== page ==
Gerard De Leeuw (1912–1985): A Centenary Exhibition
May 30th 2012, 10:56
“Gerard de Leeuw believed he could make rain. Or, to be more precise, he believed that the bronze smelting that he practised from his suburban foundry in Orange Grove, Johannesburg, had the unintended but inevitable effect of producing rain, regardless of the season.”
So writes Federico Freschi, formerly Associate Professor in the Department of History of Art at the University of the Witwatersrand, now director of the Goodman Gallery Cape, in a catalogue accompanying the exhibition “Gerard de Leeuw: a Centenary Exhibition”, to be on view at the Sanlam Art Gallery from 25 July–28 September 2012. This exhibition showcases more than 40 bronze sculptures by De Leeuw and a selection of paintings by his artistic friends, amongst them Father Franz Claerhout, JH Pierneef, Stefan and Iris Ampenberger, Fayetta Varney, Wolf Kibel, Lippy Lipschitz to name but a few. The exhibition was compiled by Dr Fred Scott and opened at the University of Johannesburg Art Gallery in collaboration with the Sanlam Art Collection and supported by Business and Arts South Africa and Stephan Welz & Co. A fully illustrated catalogue will be on sale from the gallery.
“Born in Amsterdam in 1912, De Leeuw followed his family to South Africa in 1932, his father, a goldsmith, having migrated to Cape Town in 1928 for health reasons. De Leeuw had decided early on that he wanted to be a sculptor. To this end, he attended various art schools in Holland and spent some time studying under Isidore Opsomer at the Royal Academy of Fine Arts in Antwerp, a venerable institution that prided itself on providing a solid, classical training. He also attended various art schools in Paris, including the studio of André Lhôte (Hagg, 1975: 88) where he learned the rudiments of bronze casting, and encountered the work of the animalier Francois Pompon, which was to have a lasting influence on the numerous animal studies he produced throughout his career.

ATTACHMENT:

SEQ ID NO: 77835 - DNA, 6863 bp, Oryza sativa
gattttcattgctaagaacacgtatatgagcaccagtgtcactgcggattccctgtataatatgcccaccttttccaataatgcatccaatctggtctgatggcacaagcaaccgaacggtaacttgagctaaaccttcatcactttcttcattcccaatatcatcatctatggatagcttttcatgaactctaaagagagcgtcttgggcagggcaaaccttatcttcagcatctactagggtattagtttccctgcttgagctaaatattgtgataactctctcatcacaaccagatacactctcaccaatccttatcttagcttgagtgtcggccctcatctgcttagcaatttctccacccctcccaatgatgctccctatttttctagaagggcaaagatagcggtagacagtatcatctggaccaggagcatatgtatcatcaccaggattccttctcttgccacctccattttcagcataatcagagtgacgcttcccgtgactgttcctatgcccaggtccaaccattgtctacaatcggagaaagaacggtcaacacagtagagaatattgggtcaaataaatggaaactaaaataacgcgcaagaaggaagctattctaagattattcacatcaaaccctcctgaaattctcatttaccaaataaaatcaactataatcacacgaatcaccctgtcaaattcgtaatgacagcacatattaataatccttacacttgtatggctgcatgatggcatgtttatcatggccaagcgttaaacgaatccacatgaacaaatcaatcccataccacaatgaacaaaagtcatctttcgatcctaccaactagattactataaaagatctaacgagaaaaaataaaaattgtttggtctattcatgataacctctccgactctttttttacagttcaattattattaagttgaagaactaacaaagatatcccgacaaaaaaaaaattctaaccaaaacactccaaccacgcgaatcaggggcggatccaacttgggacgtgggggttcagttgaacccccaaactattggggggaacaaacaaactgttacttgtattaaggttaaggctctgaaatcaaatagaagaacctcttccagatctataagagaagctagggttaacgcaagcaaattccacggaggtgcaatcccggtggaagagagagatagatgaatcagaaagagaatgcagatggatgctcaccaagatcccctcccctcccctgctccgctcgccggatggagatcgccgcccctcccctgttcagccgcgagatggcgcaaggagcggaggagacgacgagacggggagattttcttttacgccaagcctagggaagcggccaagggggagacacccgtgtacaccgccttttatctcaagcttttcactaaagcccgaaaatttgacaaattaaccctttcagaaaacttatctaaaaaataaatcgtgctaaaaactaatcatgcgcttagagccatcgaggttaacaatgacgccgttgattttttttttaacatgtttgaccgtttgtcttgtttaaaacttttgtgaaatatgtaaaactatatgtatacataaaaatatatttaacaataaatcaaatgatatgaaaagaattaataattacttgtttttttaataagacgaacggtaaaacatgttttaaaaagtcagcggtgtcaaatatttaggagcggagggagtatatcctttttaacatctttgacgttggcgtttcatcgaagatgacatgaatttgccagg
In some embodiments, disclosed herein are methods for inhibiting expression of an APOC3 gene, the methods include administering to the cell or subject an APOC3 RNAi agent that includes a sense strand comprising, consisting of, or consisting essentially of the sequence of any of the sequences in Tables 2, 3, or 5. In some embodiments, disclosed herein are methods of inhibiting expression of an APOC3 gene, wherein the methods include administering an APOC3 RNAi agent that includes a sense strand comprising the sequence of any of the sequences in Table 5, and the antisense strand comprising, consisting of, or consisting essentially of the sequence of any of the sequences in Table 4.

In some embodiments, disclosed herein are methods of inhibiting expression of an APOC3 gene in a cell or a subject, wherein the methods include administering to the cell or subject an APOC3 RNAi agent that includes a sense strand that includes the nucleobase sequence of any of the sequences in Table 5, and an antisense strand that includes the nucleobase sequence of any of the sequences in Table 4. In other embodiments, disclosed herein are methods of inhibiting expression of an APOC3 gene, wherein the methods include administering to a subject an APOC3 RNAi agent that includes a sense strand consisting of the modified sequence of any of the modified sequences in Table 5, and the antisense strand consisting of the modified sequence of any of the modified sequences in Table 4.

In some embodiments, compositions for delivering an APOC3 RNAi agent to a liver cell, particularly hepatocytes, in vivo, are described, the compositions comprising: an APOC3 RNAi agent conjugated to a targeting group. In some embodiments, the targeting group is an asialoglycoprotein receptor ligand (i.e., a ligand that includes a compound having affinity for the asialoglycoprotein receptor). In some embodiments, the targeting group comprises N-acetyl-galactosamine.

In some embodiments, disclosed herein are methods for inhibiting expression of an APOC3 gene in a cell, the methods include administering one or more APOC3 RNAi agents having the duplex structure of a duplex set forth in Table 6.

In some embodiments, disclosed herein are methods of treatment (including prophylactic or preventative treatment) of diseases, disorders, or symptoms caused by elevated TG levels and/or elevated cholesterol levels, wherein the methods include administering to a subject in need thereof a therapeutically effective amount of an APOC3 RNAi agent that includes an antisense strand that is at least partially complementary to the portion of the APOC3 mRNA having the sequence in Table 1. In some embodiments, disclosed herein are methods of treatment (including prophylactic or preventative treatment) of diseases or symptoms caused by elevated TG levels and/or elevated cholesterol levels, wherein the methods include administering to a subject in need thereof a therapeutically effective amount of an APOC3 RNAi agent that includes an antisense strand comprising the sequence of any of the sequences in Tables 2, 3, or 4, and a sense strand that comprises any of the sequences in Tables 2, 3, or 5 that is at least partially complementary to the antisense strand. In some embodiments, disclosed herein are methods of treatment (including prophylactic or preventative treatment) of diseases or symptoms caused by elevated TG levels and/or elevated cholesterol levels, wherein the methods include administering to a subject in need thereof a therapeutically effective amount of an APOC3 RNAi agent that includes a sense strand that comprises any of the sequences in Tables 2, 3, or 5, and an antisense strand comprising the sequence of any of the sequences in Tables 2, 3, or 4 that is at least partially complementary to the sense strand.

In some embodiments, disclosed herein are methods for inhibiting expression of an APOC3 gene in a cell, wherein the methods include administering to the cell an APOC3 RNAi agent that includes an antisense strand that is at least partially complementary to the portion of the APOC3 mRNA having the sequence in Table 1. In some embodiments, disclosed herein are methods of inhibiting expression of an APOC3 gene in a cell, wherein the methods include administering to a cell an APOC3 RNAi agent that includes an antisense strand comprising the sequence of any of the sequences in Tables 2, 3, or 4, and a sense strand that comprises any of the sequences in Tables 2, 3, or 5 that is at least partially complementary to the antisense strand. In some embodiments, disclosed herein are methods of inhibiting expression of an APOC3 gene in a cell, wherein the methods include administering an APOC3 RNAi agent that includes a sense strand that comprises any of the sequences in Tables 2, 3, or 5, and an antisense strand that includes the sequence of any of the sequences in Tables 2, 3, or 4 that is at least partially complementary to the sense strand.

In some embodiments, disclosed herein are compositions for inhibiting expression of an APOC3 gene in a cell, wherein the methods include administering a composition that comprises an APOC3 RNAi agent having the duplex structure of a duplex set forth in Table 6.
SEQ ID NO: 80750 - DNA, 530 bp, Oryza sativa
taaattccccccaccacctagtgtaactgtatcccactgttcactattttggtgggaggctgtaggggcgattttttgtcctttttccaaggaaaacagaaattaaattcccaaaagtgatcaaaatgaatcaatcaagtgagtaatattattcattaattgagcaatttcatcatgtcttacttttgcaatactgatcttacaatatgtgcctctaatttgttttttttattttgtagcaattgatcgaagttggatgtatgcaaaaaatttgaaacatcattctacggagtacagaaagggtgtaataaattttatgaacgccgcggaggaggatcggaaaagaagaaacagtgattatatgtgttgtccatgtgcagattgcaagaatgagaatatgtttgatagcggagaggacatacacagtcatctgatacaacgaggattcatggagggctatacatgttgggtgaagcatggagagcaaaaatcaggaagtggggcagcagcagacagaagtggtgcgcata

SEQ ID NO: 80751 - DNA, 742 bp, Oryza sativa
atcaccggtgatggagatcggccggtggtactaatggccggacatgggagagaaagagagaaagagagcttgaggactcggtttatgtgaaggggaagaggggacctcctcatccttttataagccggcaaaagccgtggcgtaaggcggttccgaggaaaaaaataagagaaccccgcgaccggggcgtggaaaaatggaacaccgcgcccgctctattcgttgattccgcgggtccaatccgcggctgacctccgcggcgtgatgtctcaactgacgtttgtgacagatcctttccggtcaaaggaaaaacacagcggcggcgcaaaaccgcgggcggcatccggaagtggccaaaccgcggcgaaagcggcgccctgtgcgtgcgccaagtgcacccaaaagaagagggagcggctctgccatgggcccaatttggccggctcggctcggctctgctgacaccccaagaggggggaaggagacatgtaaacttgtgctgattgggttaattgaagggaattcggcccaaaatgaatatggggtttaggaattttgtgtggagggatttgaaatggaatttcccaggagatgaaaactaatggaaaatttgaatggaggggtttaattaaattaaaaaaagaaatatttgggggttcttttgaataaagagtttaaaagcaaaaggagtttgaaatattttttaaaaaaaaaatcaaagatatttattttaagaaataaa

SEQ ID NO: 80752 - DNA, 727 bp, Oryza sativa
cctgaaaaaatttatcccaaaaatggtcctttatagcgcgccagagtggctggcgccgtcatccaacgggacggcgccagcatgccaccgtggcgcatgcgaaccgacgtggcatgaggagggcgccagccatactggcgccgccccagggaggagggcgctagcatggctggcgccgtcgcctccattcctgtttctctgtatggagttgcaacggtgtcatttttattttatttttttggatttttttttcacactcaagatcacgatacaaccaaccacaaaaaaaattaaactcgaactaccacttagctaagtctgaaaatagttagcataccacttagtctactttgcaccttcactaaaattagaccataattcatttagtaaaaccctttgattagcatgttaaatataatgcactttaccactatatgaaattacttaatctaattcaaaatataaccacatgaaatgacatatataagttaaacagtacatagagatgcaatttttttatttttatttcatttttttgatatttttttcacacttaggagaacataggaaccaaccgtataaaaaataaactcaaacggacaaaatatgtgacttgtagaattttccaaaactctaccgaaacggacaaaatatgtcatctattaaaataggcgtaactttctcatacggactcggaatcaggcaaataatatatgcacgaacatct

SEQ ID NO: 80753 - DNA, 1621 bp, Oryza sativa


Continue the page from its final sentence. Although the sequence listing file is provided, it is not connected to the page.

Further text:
Although he eschewed the self-conscious modernism that characterised the work of Lipshitz, Kibel and others in this circle, his contact with these artists, coupled with his engaging and charming personality, ensured that De Leeuw was always well connected in the South African art world even if he did not enjoy the same public acclaim as many of his peers during his lifetime. After moving to Johannesburg in 1936, he extended his circle to embrace the leading artists of the region, including Hendrik Pierneef, Erich Mayer, Frans Oerder, Maurice van Essche, and Francois and Uys Krige. It is a testimony both to the extent of De Leeuw’s connections in the art world and to his charm and persuasiveness that he successfully supported himself during his early years in Johannesburg by selling, on commission, the works of these artists (Strydom, 1979: 54).
According to his biographer, Matthys Strydom (1979: 54), De Leeuw was inspired to begin experimenting with bronze casting after reading the life of Benvenuto Cellini, and soon began mastering the intricacies of the lost wax method. These culminated with a post-Second World War tour – first to Britain, where he attended evening classes at the Kennington Art School in London and worked as a restorer at the Morris Singer foundry, and then to Holland and Belgium, and finally to France, where he worked at the Rudier foundry.